We all know that SQL can be a harsh mistress, and relational theorists such as Chris Date have long argued that the language is fundamentally flawed and that vendors have been misapplying relational theory from the start.
Now a Perl developer on perlmonks.org has been reading Date's book and finds that it explains all of his frustrations with databases. One tip for addressing their shortcomings is to add the handy DISTINCT keyword to every single query, because stupid old SQL doesn't automatically apply the degree of uniqueness you might have in mind:
In fact, one of the founders of relational theory, C.J. Date, recommends that every SQL SELECT statement be written as SELECT DISTINCT ... Unfortunately, many folks get upset with this for a variety of reasons. First, DBMS do a horrible job of optimizing DISTINCT queries. There are many cases where the DISTINCT can be safely ignored but in practice, using DISTINCT with large sets of data and complicated queries can have an abysmal impact on performance. I think this can be put into the "premature optimization" category, though. Until we know that DISTINCT is causing an impact, isn't it better to improve the chance of getting correct results and worry about performance afterwards?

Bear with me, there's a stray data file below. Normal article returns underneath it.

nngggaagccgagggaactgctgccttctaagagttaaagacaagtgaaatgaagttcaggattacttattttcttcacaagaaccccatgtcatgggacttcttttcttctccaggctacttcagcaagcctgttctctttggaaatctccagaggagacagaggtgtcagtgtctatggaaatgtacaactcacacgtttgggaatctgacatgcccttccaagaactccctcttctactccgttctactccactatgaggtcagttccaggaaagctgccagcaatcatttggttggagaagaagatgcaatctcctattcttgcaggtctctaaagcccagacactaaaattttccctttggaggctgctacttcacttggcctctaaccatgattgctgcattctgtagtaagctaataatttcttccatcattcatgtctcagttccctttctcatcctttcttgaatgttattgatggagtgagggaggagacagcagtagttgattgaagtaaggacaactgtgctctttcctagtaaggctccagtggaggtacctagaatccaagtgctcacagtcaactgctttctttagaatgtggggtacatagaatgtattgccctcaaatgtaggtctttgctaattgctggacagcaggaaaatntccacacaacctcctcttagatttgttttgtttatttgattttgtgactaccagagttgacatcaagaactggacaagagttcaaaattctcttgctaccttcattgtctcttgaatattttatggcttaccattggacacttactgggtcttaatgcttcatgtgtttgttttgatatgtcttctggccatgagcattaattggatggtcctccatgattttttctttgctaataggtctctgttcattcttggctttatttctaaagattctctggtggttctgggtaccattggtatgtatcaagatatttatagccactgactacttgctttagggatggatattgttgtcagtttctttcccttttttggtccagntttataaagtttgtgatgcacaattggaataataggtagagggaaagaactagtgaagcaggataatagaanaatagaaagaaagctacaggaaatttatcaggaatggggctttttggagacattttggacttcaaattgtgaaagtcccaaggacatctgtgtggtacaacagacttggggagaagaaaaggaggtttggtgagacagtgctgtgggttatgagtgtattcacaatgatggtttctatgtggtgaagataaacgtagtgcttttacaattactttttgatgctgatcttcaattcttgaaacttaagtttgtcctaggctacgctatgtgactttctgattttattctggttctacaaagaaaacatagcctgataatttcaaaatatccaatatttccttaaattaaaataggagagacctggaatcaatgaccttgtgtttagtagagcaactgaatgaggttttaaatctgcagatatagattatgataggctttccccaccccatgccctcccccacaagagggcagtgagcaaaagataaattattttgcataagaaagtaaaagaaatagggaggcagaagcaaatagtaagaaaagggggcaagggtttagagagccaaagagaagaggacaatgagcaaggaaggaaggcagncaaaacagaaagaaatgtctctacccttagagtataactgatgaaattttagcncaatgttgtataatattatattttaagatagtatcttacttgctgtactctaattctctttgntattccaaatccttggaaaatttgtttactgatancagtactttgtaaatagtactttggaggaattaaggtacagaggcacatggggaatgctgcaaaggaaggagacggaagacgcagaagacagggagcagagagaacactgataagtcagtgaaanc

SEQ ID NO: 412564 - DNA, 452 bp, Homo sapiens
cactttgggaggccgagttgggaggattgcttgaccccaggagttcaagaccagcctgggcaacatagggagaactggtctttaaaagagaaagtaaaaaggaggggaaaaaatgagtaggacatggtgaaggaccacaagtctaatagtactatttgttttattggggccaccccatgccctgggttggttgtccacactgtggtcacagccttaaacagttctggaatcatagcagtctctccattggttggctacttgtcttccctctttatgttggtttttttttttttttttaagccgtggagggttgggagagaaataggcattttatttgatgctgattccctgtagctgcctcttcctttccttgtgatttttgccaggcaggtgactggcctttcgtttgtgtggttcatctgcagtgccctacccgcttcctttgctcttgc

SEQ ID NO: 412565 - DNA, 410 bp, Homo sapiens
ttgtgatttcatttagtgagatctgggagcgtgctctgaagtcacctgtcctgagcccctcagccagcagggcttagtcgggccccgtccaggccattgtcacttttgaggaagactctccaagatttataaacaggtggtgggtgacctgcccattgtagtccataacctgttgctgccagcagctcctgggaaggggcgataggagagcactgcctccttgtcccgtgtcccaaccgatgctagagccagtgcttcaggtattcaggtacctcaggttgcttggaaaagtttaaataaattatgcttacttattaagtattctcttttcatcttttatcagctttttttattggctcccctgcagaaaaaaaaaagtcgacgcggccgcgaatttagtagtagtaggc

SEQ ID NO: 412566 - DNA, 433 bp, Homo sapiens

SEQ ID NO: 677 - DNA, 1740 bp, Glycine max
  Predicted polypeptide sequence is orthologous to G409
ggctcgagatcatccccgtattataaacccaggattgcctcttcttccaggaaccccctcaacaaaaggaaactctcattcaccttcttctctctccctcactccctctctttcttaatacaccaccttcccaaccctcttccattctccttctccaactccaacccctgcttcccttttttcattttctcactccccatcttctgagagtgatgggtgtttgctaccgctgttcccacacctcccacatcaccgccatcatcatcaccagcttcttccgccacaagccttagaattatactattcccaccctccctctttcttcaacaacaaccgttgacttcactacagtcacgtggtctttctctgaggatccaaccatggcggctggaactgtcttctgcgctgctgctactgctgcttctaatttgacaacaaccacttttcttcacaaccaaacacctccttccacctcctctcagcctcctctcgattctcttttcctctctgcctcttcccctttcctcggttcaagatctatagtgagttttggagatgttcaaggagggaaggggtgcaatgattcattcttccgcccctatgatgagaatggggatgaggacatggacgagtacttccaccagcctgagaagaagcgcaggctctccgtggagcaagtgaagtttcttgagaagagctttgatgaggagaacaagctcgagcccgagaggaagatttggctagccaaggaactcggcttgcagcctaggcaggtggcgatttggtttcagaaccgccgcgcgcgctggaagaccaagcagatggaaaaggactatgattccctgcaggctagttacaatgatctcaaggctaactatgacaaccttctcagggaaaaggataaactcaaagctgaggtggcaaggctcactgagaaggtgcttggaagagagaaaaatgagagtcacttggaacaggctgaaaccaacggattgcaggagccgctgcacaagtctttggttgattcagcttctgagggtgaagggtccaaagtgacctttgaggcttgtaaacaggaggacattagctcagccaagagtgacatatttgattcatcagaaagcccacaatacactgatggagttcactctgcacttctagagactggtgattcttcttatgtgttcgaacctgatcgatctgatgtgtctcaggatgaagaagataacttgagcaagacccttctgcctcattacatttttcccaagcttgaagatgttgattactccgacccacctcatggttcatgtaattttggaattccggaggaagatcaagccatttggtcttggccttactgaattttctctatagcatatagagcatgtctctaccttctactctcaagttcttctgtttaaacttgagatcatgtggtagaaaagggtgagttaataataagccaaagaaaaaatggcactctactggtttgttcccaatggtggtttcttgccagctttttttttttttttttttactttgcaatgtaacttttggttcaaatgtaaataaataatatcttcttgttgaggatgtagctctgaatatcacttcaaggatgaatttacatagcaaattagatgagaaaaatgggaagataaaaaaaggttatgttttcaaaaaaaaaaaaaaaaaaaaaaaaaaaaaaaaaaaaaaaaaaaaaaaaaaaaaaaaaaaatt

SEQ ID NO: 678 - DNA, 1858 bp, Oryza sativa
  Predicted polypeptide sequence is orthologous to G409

I had to read that a couple of times to realise that adding a DISTINCT to every single query in the hope that it might mask some unknown deficiency in your model, your query, or the SQL language itself is not the "premature optimization" being referred to here - he means the idea that doing so might affect performance. After all, it might not, right?